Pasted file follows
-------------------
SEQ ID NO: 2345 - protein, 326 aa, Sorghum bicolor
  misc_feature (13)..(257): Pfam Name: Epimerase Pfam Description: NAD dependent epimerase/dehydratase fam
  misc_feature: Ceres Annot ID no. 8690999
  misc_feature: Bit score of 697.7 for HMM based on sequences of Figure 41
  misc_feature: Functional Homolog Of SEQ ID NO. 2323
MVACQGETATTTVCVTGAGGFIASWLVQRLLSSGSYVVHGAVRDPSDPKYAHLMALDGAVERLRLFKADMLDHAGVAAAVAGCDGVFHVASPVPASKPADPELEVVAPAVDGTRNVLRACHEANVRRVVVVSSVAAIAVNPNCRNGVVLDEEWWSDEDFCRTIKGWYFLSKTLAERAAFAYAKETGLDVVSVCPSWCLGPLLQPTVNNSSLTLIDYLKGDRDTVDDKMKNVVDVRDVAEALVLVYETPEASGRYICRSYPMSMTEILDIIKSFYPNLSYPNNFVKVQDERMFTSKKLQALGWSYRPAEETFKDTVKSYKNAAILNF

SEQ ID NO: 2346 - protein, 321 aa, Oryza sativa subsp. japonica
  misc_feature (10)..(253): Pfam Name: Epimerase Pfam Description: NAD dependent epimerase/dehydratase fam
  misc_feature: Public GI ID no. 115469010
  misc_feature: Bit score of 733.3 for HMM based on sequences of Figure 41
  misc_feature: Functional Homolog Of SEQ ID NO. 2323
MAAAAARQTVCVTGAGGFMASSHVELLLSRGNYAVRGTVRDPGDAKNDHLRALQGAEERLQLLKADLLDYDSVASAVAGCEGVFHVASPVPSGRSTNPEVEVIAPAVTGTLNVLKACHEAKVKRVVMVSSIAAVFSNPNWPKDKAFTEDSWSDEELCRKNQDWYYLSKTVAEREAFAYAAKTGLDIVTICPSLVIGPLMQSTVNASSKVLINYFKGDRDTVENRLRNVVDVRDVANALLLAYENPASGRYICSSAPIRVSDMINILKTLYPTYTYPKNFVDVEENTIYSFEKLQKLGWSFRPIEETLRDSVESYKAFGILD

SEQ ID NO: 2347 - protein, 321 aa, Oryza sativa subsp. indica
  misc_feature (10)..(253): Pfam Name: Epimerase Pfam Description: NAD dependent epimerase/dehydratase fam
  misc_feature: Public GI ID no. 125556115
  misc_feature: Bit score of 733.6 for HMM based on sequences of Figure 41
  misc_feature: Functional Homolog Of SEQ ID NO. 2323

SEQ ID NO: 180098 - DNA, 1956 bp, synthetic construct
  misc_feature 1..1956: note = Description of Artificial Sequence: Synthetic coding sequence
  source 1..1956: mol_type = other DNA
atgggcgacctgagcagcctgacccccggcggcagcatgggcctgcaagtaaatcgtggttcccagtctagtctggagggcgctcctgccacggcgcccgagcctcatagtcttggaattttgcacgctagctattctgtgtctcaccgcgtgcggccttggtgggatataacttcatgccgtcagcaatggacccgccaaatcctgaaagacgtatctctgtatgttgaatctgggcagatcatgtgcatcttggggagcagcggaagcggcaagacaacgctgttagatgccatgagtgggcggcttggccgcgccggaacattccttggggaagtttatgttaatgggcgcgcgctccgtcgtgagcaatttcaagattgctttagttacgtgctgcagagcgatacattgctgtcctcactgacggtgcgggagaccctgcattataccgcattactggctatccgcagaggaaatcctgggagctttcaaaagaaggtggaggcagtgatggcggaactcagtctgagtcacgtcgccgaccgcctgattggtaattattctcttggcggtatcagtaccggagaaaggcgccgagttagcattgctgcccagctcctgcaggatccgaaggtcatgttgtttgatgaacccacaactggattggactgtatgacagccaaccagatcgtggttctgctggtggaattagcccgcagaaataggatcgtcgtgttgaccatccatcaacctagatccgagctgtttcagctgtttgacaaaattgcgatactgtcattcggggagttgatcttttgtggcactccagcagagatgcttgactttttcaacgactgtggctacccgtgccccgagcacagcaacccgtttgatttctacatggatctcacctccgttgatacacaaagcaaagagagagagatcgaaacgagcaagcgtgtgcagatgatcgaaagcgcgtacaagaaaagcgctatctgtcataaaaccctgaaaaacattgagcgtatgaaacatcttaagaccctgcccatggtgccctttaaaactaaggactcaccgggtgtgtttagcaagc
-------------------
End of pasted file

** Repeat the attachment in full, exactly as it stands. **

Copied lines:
SEQ ID NO: 2345 - protein, 326 aa, Sorghum bicolor
  misc_feature (13)..(257): Pfam Name: Epimerase Pfam Description: NAD dependent epimerase/dehydratase fam
  misc_feature: Ceres Annot ID no. 8690999
  misc_feature: Bit score of 697.7 for HMM based on sequences of Figure 41
  misc_feature: Functional Homolog Of SEQ ID NO. 2323
MVACQGETATTTVCVTGAGGFIASWLVQRLLSSGSYVVHGAVRDPSDPKYAHLMALDGAVERLRLFKADMLDHAGVAAAVAGCDGVFHVASPVPASKPADPELEVVAPAVDGTRNVLRACHEANVRRVVVVSSVAAIAVNPNCRNGVVLDEEWWSDEDFCRTIKGWYFLSKTLAERAAFAYAKETGLDVVSVCPSWCLGPLLQPTVNNSSLTLIDYLKGDRDTVDDKMKNVVDVRDVAEALVLVYETPEASGRYICRSYPMSMTEILDIIKSFYPNLSYPNNFVKVQDERMFTSKKLQALGWSYRPAEETFKDTVKSYKNAAILNF

SEQ ID NO: 2346 - protein, 321 aa, Oryza sativa subsp. japonica
  misc_feature (10)..(253): Pfam Name: Epimerase Pfam Description: NAD dependent epimerase/dehydratase fam
  misc_feature: Public GI ID no. 115469010
  misc_feature: Bit score of 733.3 for HMM based on sequences of Figure 41
  misc_feature: Functional Homolog Of SEQ ID NO. 2323
MAAAAARQTVCVTGAGGFMASSHVELLLSRGNYAVRGTVRDPGDAKNDHLRALQGAEERLQLLKADLLDYDSVASAVAGCEGVFHVASPVPSGRSTNPEVEVIAPAVTGTLNVLKACHEAKVKRVVMVSSIAAVFSNPNWPKDKAFTEDSWSDEELCRKNQDWYYLSKTVAEREAFAYAAKTGLDIVTICPSLVIGPLMQSTVNASSKVLINYFKGDRDTVENRLRNVVDVRDVANALLLAYENPASGRYICSSAPIRVSDMINILKTLYPTYTYPKNFVDVEENTIYSFEKLQKLGWSFRPIEETLRDSVESYKAFGILD

SEQ ID NO: 2347 - protein, 321 aa, Oryza sativa subsp. indica
  misc_feature (10)..(253): Pfam Name: Epimerase Pfam Description: NAD dependent epimerase/dehydratase fam
  misc_feature: Public GI ID no. 125556115
  misc_feature: Bit score of 733.6 for HMM based on sequences of Figure 41
  misc_feature: Functional Homolog Of SEQ ID NO. 2323

SEQ ID NO: 180098 - DNA, 1956 bp, synthetic construct
  misc_feature 1..1956: note = Description of Artificial Sequence: Synthetic coding sequence
  source 1..1956: mol_type = other DNA
atgggcgacctgagcagcctgacccccggcggcagcatgggcctgcaagtaaatcgtggttcccagtctagtctggagggcgctcctgccacggcgcccgagcctcatagtcttggaattttgcacgctagctattctgtgtctcaccgcgtgcggccttggtgggatataacttcatgccgtcagcaatggacccgccaaatcctgaaagacgtatctctgtatgttgaatctgggcagatcatgtgcatcttggggagcagcggaagcggcaagacaacgctgttagatgccatgagtgggcggcttggccgcgccggaacattccttggggaagtttatgttaatgggcgcgcgctccgtcgtgagcaatttcaagattgctttagttacgtgctgcagagcgatacattgctgtcctcactgacggtgcgggagaccctgcattataccgcattactggctatccgcagaggaaatcctgggagctttcaaaagaaggtggaggcagtgatggcggaactcagtctgagtcacgtcgccgaccgcctgattggtaattattctcttggcggtatcagtaccggagaaaggcgccgagttagcattgctgcccagctcctgcaggatccgaaggtcatgttgtttgatgaacccacaactggattggactgtatgacagccaaccagatcgtggttctgctggtggaattagcccgcagaaataggatcgtcgtgttgaccatccatcaacctagatccgagctgtttcagctgtttgacaaaattgcgatactgtcattcggggagttgatcttttgtggcactccagcagagatgcttgactttttcaacgactgtggctacccgtgccccgagcacagcaacccgtttgatttctacatggatctcacctccgttgatacacaaagcaaagagagagagatcgaaacgagcaagcgtgtgcagatgatcgaaagcgcgtacaagaaaagcgctatctgtcataaaaccctgaaaaacattgagcgtatgaaacatcttaagaccctgcccatggtgccctttaaaactaaggactcaccgggtgtgtttagcaagc